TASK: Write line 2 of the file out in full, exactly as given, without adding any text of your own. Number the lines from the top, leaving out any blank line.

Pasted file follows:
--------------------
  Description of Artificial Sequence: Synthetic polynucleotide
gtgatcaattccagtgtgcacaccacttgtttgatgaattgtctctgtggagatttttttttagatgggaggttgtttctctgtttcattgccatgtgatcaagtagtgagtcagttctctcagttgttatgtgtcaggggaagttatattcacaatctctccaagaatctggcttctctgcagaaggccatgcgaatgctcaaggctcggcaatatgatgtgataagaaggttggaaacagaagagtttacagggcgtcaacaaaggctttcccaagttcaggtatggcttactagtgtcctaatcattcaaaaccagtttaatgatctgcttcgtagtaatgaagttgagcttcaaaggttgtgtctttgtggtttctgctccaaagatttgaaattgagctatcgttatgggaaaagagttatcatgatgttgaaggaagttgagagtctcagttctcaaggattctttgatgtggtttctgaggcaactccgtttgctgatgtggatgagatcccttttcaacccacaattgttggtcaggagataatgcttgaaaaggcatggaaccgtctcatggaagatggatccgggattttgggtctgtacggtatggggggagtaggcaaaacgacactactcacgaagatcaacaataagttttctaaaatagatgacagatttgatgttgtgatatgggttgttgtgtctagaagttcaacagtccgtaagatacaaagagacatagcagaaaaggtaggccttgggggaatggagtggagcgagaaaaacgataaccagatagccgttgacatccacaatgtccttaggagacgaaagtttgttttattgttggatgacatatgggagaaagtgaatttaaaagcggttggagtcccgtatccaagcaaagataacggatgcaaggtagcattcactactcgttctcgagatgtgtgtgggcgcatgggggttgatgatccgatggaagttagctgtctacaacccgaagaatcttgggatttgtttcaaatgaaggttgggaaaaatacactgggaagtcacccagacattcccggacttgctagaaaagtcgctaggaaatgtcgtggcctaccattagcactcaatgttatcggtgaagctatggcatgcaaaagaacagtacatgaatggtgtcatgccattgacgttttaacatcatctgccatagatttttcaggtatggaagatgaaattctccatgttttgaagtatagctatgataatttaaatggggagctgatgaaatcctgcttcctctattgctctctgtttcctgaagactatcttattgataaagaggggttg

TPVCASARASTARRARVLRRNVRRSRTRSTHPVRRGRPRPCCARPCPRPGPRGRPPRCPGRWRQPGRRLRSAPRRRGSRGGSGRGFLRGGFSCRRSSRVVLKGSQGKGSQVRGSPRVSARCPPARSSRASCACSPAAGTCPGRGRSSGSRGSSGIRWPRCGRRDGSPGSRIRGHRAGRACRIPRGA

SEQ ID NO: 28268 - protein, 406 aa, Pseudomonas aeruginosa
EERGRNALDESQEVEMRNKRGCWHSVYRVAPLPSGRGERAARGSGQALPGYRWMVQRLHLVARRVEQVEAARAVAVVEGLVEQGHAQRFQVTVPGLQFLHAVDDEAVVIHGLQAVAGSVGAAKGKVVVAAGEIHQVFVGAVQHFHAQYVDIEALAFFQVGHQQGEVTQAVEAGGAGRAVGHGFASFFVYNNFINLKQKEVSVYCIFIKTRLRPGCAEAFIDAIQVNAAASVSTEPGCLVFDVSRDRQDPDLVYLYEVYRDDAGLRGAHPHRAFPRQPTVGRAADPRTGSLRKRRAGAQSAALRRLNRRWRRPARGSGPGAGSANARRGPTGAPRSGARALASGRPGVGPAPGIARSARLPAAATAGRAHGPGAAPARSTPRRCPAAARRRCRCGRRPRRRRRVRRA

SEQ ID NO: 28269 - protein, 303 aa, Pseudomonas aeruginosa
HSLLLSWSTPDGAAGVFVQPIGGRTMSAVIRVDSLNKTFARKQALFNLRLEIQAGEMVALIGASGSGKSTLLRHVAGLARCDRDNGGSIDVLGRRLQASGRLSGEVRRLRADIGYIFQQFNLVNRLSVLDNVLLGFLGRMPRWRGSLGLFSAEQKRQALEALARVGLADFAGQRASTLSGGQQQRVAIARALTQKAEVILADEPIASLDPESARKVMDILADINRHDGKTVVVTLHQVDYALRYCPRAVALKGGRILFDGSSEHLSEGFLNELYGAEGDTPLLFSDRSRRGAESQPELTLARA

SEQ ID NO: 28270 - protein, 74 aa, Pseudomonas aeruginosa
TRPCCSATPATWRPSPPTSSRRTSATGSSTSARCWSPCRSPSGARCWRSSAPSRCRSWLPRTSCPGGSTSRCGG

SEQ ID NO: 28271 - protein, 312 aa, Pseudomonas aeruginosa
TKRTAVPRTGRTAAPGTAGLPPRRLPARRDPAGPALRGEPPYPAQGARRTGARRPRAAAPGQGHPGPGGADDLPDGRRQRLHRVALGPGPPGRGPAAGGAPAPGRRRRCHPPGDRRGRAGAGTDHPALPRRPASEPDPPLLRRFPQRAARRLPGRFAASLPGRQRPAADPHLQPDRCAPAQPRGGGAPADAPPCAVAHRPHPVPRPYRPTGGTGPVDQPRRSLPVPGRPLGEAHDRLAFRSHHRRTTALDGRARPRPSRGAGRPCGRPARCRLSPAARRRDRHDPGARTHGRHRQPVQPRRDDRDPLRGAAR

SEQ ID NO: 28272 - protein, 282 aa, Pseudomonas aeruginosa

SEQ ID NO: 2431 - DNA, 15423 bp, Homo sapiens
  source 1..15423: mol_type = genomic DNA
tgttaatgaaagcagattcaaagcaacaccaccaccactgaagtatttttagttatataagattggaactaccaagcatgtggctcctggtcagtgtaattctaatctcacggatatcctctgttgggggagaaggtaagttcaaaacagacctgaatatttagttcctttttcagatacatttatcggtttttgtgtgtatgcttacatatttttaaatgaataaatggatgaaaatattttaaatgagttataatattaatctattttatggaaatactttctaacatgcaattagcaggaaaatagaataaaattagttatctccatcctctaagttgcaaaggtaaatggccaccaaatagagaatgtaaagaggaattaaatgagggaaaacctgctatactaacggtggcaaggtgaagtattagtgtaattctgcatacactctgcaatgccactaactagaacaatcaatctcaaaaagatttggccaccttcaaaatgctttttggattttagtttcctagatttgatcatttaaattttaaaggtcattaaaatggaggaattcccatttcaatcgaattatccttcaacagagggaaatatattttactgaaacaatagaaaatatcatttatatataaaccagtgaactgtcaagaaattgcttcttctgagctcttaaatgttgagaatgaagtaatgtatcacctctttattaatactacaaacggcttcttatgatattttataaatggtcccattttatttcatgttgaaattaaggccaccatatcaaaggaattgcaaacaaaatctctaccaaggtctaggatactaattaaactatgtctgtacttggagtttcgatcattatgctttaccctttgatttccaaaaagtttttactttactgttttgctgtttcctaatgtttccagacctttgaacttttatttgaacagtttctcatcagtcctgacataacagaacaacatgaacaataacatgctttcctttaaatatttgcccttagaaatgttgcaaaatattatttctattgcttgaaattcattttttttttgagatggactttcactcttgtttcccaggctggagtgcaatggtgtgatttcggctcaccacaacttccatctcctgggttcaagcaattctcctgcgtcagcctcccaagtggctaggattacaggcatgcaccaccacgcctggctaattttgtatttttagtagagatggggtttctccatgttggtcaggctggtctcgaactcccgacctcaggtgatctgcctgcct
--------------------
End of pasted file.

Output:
gtgatcaattccagtgtgcacaccacttgtttgatgaattgtctctgtggagatttttttttagatgggaggttgtttctctgtttcattgccatgtgatcaagtagtgagtcagttctctcagttgttatgtgtcaggggaagttatattcacaatctctccaagaatctggcttctctgcagaaggccatgcgaatgctcaaggctcggcaatatgatgtgataagaaggttggaaacagaagagtttacagggcgtcaacaaaggctttcccaagttcaggtatggcttactagtgtcctaatcattcaaaaccagtttaatgatctgcttcgtagtaatgaagttgagcttcaaaggttgtgtctttgtggtttctgctccaaagatttgaaattgagctatcgttatgggaaaagagttatcatgatgttgaaggaagttgagagtctcagttctcaaggattctttgatgtggtttctgaggcaactccgtttgctgatgtggatgagatcccttttcaacccacaattgttggtcaggagataatgcttgaaaaggcatggaaccgtctcatggaagatggatccgggattttgggtctgtacggtatggggggagtaggcaaaacgacactactcacgaagatcaacaataagttttctaaaatagatgacagatttgatgttgtgatatgggttgttgtgtctagaagttcaacagtccgtaagatacaaagagacatagcagaaaaggtaggccttgggggaatggagtggagcgagaaaaacgataaccagatagccgttgacatccacaatgtccttaggagacgaaagtttgttttattgttggatgacatatgggagaaagtgaatttaaaagcggttggagtcccgtatccaagcaaagataacggatgcaaggtagcattcactactcgttctcgagatgtgtgtgggcgcatgggggttgatgatccgatggaagttagctgtctacaacccgaagaatcttgggatttgtttcaaatgaaggttgggaaaaatacactgggaagtcacccagacattcccggacttgctagaaaagtcgctaggaaatgtcgtggcctaccattagcactcaatgttatcggtgaagctatggcatgcaaaagaacagtacatgaatggtgtcatgccattgacgttttaacatcatctgccatagatttttcaggtatggaagatgaaattctccatgttttgaagtatagctatgataatttaaatggggagctgatgaaatcctgcttcctctattgctctctgtttcctgaagactatcttattgataaagaggggttg